WannaCry Ransomware Attack crippled a lot of data. Guess who’s not crying? VPN users

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Last Friday, WannaCry “ransomware” cyber attack struck globally in what has become one of the fastest –spreading extortion campaigns on record. The virus infected more than 300,000 machines in 150 countries since Friday and the victim numbers continue to grow. In this very moment, someone could be clicking a link or activating macros in a malicious document. A few seconds later, the entire hard disk content, personal files and sensitive information, everything including cloud storage accounts synced with PCs could be locked for good. Or for a good tidy ransom. A pop up in bad graphic could then appear on screen asking for “cold hard cash” in return for a decryption key.

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If this is what you’re experiencing, well then tough luck. You’re device has been infected with WannaCry. Guess who’s not crying? All those people who are using a VPN. That thing you could never quite grasp the importance of. But wait! How is this even possible, how frequent these things can happen and could they happen to me? you ask.

Ok, let’s give some context and background to the story for clarity.

The first ransomware attack struck in 1989, almost 3 decades ago. It’s hard to fathom now, but the virus spread via floppy disks and involved sending $189 to a post office box in Panama. AIDS Trojan was the WannaCry ransomware from back in the day.

But ransomware attacks are believed to have broader implications in much more than just making money, as they have been used as tool in cyber battles of political substratum, the attacks on Sony Pictures Entertainment — in retaliation for the comedy film “The Interview” is a telling example. The hacker attack was aimed at Sony Pictures for the satirical comedy directed by Seth Rogen, that involved a plot to assassinate North Korean leader Kim Jong-un. Who knew a Seth Rogen film could get this “inflammable”, right?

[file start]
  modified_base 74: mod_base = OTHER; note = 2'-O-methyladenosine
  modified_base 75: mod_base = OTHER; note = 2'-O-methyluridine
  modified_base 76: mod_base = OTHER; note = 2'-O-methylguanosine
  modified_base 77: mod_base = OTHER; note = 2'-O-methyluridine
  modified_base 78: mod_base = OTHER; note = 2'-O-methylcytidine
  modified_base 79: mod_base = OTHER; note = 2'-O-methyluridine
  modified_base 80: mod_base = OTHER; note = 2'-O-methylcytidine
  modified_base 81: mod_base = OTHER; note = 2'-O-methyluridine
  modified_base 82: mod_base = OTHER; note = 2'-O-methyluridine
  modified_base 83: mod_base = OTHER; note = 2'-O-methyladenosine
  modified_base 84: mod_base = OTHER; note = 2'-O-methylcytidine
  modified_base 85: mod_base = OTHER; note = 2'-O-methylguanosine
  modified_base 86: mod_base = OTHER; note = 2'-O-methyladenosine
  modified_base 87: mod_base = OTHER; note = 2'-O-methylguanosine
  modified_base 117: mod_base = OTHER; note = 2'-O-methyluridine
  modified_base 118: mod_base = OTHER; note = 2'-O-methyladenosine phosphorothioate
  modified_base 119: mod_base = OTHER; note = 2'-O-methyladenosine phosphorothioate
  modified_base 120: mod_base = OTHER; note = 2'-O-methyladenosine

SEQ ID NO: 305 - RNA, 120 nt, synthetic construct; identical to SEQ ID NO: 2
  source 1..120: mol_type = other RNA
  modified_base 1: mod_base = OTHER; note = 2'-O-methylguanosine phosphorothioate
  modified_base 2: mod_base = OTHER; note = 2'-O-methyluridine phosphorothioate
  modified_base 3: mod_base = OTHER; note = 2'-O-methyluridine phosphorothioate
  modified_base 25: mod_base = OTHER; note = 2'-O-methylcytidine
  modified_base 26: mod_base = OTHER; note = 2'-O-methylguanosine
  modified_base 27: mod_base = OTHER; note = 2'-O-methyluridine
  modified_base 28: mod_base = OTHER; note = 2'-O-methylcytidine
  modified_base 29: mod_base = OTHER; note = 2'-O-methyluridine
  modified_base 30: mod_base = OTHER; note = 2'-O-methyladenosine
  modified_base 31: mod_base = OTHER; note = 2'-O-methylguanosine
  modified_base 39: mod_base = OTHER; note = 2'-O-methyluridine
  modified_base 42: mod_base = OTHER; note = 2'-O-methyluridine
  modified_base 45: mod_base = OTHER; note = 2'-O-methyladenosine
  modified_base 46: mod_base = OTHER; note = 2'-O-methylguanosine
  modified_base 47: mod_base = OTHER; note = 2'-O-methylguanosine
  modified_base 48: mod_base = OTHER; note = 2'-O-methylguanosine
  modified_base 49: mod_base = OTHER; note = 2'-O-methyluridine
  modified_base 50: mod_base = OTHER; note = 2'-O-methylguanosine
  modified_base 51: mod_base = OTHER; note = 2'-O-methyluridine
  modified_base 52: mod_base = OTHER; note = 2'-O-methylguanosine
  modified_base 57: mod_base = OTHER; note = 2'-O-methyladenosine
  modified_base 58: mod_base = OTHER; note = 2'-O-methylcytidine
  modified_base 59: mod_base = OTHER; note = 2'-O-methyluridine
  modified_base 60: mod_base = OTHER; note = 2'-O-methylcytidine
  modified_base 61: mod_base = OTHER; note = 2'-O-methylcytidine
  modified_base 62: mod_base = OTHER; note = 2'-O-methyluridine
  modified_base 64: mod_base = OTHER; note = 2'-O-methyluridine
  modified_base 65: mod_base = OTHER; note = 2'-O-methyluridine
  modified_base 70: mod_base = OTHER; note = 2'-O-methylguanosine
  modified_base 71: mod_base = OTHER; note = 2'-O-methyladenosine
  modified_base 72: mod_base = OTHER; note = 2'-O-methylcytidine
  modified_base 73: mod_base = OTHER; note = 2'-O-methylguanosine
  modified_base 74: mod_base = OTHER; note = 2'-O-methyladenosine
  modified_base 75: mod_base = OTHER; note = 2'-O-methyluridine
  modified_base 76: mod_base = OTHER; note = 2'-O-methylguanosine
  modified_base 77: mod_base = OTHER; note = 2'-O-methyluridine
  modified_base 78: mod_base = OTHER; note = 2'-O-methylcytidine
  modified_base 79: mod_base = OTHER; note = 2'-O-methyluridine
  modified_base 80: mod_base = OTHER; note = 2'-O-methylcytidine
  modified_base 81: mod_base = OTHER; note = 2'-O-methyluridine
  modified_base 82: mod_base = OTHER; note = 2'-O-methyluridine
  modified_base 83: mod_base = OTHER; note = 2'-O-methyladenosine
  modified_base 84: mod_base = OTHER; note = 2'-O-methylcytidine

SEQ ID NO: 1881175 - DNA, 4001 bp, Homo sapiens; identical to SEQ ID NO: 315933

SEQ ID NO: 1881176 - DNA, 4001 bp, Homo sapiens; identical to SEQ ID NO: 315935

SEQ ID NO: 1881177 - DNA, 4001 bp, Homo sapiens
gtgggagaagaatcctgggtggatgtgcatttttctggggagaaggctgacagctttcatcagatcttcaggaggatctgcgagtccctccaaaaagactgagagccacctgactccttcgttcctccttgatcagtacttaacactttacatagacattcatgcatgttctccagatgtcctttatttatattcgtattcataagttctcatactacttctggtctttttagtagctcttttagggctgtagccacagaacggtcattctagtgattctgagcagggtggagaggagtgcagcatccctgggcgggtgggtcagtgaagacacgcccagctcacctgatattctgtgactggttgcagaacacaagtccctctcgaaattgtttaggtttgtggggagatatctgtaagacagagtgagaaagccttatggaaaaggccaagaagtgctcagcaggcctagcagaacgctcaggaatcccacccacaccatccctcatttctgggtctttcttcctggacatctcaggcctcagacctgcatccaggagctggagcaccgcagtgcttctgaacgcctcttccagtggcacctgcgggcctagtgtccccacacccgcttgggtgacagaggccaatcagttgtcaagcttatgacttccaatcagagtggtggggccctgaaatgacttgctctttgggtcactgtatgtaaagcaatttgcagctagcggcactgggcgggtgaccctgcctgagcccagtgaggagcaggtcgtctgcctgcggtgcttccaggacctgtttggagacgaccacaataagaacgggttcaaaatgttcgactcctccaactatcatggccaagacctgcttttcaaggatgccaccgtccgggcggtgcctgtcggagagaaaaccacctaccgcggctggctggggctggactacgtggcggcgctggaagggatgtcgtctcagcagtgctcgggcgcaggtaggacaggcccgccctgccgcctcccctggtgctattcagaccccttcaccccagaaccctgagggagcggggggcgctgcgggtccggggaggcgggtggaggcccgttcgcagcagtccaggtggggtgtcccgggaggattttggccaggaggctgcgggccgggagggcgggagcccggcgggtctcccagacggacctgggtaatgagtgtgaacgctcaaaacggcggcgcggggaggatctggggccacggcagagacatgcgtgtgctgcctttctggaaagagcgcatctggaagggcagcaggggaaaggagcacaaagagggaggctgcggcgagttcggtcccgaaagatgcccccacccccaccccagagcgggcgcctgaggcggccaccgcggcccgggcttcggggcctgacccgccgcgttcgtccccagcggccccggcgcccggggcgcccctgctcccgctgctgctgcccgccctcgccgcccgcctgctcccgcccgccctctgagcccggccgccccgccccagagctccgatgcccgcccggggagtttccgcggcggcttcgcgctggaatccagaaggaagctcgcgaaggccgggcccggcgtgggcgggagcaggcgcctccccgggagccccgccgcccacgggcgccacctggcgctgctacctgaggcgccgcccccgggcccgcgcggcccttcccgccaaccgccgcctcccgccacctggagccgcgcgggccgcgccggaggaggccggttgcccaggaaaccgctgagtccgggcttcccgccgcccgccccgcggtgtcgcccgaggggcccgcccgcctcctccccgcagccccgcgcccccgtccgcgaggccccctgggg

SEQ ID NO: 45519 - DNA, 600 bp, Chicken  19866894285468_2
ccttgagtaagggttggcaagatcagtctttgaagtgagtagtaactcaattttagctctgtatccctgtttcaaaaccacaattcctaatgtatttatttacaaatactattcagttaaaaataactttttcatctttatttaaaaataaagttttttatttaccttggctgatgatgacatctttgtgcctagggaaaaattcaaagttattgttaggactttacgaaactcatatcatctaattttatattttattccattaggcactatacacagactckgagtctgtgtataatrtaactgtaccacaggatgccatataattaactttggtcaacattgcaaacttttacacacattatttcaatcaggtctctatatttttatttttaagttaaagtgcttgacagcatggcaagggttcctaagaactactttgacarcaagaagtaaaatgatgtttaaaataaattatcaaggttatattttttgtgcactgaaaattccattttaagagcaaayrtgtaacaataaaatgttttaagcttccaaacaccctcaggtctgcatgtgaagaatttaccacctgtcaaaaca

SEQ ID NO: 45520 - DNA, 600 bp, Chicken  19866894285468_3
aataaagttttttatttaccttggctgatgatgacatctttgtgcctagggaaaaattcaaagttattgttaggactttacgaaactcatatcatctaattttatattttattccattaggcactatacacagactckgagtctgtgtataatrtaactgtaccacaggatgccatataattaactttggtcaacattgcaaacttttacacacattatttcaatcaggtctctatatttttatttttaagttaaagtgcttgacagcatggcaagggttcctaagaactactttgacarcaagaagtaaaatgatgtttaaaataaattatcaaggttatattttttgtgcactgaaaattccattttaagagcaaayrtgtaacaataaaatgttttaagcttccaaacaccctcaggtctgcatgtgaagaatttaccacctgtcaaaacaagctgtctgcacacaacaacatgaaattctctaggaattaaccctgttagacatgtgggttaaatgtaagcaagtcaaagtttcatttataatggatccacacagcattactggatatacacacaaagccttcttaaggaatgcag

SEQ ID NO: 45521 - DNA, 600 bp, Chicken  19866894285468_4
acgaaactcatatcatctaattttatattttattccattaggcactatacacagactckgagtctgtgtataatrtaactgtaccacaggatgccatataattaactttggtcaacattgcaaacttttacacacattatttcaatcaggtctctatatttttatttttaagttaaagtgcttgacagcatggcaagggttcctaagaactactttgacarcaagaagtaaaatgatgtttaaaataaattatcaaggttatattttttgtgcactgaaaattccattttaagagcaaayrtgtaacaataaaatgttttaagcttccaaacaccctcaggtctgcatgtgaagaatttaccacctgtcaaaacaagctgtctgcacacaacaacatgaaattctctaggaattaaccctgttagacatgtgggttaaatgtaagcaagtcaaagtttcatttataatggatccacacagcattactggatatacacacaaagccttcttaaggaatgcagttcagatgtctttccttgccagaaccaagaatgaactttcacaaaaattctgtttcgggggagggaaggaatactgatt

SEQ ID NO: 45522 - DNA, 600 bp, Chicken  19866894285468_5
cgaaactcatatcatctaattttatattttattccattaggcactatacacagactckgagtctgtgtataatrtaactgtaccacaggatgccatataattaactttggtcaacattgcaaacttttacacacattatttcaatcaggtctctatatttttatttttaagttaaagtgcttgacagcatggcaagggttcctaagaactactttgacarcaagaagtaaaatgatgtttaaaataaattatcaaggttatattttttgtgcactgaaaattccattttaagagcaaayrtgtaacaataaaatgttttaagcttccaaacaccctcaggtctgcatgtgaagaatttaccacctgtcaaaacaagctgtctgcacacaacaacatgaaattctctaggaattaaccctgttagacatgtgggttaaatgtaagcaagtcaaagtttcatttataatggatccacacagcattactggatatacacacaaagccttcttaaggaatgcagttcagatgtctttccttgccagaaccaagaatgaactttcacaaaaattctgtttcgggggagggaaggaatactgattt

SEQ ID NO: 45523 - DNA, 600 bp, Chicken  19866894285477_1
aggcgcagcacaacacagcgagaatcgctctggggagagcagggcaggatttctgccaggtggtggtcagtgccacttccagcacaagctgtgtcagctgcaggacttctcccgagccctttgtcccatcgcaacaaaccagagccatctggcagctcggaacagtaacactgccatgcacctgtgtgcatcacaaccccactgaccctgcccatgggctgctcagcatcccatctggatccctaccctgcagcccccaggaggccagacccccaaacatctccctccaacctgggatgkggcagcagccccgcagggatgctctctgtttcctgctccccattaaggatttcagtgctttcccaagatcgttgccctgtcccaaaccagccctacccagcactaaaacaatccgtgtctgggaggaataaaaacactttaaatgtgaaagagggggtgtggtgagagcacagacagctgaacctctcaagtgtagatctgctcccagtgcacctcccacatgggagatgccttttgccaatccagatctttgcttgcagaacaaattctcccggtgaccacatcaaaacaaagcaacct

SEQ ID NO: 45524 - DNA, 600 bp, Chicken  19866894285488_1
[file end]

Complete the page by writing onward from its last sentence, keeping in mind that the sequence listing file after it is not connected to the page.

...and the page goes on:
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Well if we think that the attack is believed to being launched by Lazarus Group, allegedly a North Korean run hacking operation is starting to make sense.

Technical clues found in the code of WannaCry ransomware by researchers could link to the same North Korean group. However, no conclusive proof have been found for a clear conclusion in any of the aforementioned attacks.

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If in the case of Sony Pictures cyber attack, the goal was to prevent the release of The Interview, a film that mocked a North Korean leader, in contrast WannaCry was wildly random infecting everything it could.

WannaCry didn’t seem to have a pecuniary goal, with more than 200,000 machines infected and around $70,000 paid in ransoms, it’s a terrible return.

Analysts are now turning to another hypothesis, maybe the ransom was a distraction for a political goal that has yet to clearly surface.

And here’s were things get really confusing and could take a really steep turn for the left so brace yourself for what I will reveal in the following of what the political implication could be

Photo Credit: www.ft.com

Brad Smith, President of Microsoft Corp, confirmed in a blog post on Sunday that WannaCry attack made use of a hacking tool developed by the NSA (US National Security Agency) that had leaked online in April. This pours fuel on the long running debate over espionage and cyber warfare conduct and software flaws best kept secrets.

Elevating the subject far beyond the immediate need to improve a computer defenses, the WannaCry attack has turned into a political debate in Europe and the United States with discussion of the role national governments play.

Since China was among the worst hit, it seemed unlikely to some that Lazarus was behind all this, as antagonizing North Korea strongest ally would not hold as a good strategy. Having been speculated as having an implication, Russia denied all accusations, but Putin did not waste the chance to draw attention on the NSA in the light of Smith’s revealing on the topic.